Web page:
oBike told to remove bikes by Wednesday

Otherwise, LTA will clear them and oBike or liquidator must pay towing, storage fees

The shared bicycles are now all over the island but cannot be hired as oBike has stopped operating since Monday. ST PHOTO: YEN MENG JIIN

Bike-sharing firm oBike, which abruptly shut down operations earlier this week, has been given the deadline of next Wednesday by the Land Transport Authority (LTA) to remove its bicycles from public spaces.

The shared bicycles, which number at least 14,000, are now all over the island, but they cannot be hired as oBike stopped operating on Monday.

LTA said yesterday that it met oBike representatives on Wednesday and instructed the firm to work with its liquidator to collect its bicycles in a week's time, failing which the authority will step in to progressively remove them.

LTA said oBike or its liquidator will then have to pay the relevant towing and storage fees to claim the impounded bicycles.

The authority and the Consumers Association of Singapore (Case) also said they had "emphasised to oBike the importance of refunding users their deposits which were placed earlier with the company".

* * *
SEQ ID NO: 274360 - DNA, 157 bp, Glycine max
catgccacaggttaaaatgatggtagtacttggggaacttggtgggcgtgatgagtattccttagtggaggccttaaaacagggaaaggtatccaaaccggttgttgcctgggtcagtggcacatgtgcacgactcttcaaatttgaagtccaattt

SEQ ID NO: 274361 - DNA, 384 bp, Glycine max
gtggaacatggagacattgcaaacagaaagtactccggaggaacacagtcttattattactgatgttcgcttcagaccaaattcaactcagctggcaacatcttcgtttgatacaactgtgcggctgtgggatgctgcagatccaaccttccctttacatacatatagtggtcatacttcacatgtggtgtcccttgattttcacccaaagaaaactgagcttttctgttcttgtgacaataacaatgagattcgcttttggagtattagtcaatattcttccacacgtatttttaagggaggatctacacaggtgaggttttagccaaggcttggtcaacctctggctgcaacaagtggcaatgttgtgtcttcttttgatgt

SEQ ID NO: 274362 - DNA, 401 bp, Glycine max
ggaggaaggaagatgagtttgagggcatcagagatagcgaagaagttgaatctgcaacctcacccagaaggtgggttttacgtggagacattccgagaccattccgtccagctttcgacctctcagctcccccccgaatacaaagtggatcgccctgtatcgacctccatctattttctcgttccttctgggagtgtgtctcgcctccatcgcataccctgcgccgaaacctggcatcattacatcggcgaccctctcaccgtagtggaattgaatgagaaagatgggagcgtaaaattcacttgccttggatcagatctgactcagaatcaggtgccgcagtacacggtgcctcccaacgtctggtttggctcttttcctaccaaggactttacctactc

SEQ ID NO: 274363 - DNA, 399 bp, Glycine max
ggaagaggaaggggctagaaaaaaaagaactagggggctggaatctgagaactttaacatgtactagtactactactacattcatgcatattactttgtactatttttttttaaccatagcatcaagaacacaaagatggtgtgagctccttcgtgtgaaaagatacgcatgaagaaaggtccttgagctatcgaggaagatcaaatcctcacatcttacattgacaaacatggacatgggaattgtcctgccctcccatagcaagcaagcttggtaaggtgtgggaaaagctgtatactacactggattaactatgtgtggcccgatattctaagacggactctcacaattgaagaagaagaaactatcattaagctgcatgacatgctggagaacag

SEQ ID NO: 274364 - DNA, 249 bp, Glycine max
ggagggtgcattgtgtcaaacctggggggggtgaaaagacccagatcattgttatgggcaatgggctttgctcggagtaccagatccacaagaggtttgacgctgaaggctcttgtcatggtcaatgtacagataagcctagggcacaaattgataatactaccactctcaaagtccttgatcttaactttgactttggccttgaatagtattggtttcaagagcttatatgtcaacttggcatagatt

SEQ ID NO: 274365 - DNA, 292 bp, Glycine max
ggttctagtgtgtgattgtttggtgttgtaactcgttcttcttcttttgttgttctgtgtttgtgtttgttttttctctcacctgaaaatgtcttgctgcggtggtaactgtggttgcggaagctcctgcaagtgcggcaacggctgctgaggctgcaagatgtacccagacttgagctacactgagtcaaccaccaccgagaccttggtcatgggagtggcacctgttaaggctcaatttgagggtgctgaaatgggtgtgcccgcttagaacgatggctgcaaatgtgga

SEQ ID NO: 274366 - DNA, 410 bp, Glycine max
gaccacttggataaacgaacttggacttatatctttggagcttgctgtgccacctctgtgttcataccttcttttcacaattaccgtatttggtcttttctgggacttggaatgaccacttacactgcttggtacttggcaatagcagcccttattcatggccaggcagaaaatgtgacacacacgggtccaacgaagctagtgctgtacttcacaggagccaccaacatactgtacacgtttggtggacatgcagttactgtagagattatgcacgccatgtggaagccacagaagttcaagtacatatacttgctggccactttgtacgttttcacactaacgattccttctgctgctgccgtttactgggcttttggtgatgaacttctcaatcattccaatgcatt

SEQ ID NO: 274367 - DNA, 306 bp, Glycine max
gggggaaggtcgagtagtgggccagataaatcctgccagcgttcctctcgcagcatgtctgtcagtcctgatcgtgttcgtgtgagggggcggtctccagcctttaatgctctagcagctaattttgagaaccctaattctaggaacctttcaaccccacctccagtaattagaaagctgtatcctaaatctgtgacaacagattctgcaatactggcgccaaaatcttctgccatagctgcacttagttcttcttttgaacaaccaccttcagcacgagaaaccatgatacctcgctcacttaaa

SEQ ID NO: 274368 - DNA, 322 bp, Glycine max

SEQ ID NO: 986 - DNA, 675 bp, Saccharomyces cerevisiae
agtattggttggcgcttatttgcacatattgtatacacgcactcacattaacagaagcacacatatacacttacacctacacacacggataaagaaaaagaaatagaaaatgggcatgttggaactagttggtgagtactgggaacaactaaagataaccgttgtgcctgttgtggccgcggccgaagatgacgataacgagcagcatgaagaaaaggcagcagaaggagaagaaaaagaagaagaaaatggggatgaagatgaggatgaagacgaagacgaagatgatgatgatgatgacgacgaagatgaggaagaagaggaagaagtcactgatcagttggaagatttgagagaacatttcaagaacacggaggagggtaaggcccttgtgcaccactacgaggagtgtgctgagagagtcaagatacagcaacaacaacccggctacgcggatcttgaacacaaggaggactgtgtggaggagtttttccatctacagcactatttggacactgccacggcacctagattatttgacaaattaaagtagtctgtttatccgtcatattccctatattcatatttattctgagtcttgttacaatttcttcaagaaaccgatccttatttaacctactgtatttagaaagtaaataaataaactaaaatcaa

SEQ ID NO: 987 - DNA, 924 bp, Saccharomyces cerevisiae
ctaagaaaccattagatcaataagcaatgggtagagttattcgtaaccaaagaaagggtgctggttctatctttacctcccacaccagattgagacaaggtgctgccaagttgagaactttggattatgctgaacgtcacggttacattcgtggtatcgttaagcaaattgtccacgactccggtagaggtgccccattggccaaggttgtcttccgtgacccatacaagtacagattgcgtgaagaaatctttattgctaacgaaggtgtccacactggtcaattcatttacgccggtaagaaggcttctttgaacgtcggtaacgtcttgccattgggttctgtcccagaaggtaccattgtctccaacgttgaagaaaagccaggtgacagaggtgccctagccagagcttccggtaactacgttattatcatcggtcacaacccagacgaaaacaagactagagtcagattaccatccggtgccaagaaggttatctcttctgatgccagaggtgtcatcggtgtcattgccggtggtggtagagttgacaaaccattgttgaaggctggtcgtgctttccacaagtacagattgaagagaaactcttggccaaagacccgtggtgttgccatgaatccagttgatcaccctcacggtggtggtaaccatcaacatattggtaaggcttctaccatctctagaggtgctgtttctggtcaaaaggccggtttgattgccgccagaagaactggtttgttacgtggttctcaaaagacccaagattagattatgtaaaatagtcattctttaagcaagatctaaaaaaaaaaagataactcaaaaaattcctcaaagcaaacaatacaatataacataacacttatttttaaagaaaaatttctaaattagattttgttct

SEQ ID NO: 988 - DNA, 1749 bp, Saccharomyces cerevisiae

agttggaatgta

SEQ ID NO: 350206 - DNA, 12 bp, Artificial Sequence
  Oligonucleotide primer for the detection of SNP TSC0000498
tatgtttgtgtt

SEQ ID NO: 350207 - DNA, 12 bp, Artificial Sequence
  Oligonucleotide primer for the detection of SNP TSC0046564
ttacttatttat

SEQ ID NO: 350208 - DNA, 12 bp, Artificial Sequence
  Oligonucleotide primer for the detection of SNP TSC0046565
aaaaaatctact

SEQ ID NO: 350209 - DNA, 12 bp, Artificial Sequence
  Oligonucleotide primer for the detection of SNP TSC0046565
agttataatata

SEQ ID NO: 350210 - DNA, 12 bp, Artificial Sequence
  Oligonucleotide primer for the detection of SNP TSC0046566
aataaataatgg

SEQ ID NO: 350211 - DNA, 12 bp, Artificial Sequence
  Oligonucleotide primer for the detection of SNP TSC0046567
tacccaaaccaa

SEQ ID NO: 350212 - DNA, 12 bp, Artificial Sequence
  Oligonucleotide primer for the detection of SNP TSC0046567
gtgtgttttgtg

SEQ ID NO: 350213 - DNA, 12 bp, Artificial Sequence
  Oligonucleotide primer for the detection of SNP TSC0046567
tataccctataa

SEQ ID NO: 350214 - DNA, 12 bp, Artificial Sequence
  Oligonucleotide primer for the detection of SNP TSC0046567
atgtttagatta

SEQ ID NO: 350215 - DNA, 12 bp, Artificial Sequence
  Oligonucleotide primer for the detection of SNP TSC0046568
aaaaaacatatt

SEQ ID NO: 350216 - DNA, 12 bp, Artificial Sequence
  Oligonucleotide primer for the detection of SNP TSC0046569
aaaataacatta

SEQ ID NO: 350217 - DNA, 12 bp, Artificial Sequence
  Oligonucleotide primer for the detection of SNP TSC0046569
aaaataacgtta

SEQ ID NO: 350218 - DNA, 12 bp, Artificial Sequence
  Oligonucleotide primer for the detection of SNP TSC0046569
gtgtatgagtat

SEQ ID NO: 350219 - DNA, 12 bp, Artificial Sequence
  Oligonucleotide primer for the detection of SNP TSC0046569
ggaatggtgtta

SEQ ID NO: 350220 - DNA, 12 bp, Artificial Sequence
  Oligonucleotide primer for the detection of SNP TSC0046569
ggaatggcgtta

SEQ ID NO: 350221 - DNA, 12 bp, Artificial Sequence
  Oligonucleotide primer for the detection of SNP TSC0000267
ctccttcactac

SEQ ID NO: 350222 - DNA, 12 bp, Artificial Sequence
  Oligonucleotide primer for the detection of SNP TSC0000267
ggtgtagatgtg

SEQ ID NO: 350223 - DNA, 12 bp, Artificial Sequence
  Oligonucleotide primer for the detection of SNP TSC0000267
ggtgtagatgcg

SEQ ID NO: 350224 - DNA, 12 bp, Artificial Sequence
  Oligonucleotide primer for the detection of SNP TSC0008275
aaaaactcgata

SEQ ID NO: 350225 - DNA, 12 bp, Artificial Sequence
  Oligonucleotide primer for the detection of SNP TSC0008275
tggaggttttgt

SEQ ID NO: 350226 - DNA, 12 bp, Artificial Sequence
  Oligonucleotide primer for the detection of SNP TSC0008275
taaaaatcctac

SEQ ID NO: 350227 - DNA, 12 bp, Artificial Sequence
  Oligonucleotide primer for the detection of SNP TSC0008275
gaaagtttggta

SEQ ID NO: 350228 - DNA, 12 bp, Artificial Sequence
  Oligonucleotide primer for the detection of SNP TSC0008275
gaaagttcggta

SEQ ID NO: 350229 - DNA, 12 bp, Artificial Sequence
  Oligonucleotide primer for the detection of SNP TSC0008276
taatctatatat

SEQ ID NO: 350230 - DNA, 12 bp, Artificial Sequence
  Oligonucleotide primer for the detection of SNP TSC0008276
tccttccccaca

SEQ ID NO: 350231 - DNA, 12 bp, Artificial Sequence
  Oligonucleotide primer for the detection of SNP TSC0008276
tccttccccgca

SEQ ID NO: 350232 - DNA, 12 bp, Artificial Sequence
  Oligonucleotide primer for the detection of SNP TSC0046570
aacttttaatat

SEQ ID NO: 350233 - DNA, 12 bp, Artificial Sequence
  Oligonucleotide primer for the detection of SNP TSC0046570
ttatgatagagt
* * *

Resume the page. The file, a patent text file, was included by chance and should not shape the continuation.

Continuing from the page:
Case said that, as of yesterday afternoon, it has received more than 770 complaints from consumers asking for oBike to return their deposits of up to $49, which were required to use the rental service.

The majority of complaints were lodged in the last four days.

When announcing its closure, the Chinese-founded firm said it foresaw difficulties in meeting LTA's new licensing regime for bike-share firms, aimed at tackling indiscriminate parking and controlling fleet sizes.

While the licensing scheme will ensure that only responsible bike-share operators are allowed to operate here, it is not intended to address "non-parking issues such as service standards and user deposits", LTA said.

Members of the public have called for LTA to take more action against oBike for the unreturned deposits. LTA said users can choose from different subscription models offered by the bike-share companies, including those which do not require deposits.

"Over-regulation could lead to higher compliance costs for operators which could in turn be passed on to users, and stifle innovation," the authority added.

Meanwhile, Case said that once oBike's liquidation starts, its customers will not be able to take legal action against the firm for the return of their deposits.

They should instead file a Proof of Debt against oBike with the appointed liquidator, which has not yet been made known.


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A version of this article appeared in the print edition of The Straits Times on June 29, 2018, with the headline oBike told to remove bikes by Wednesday. Subscribe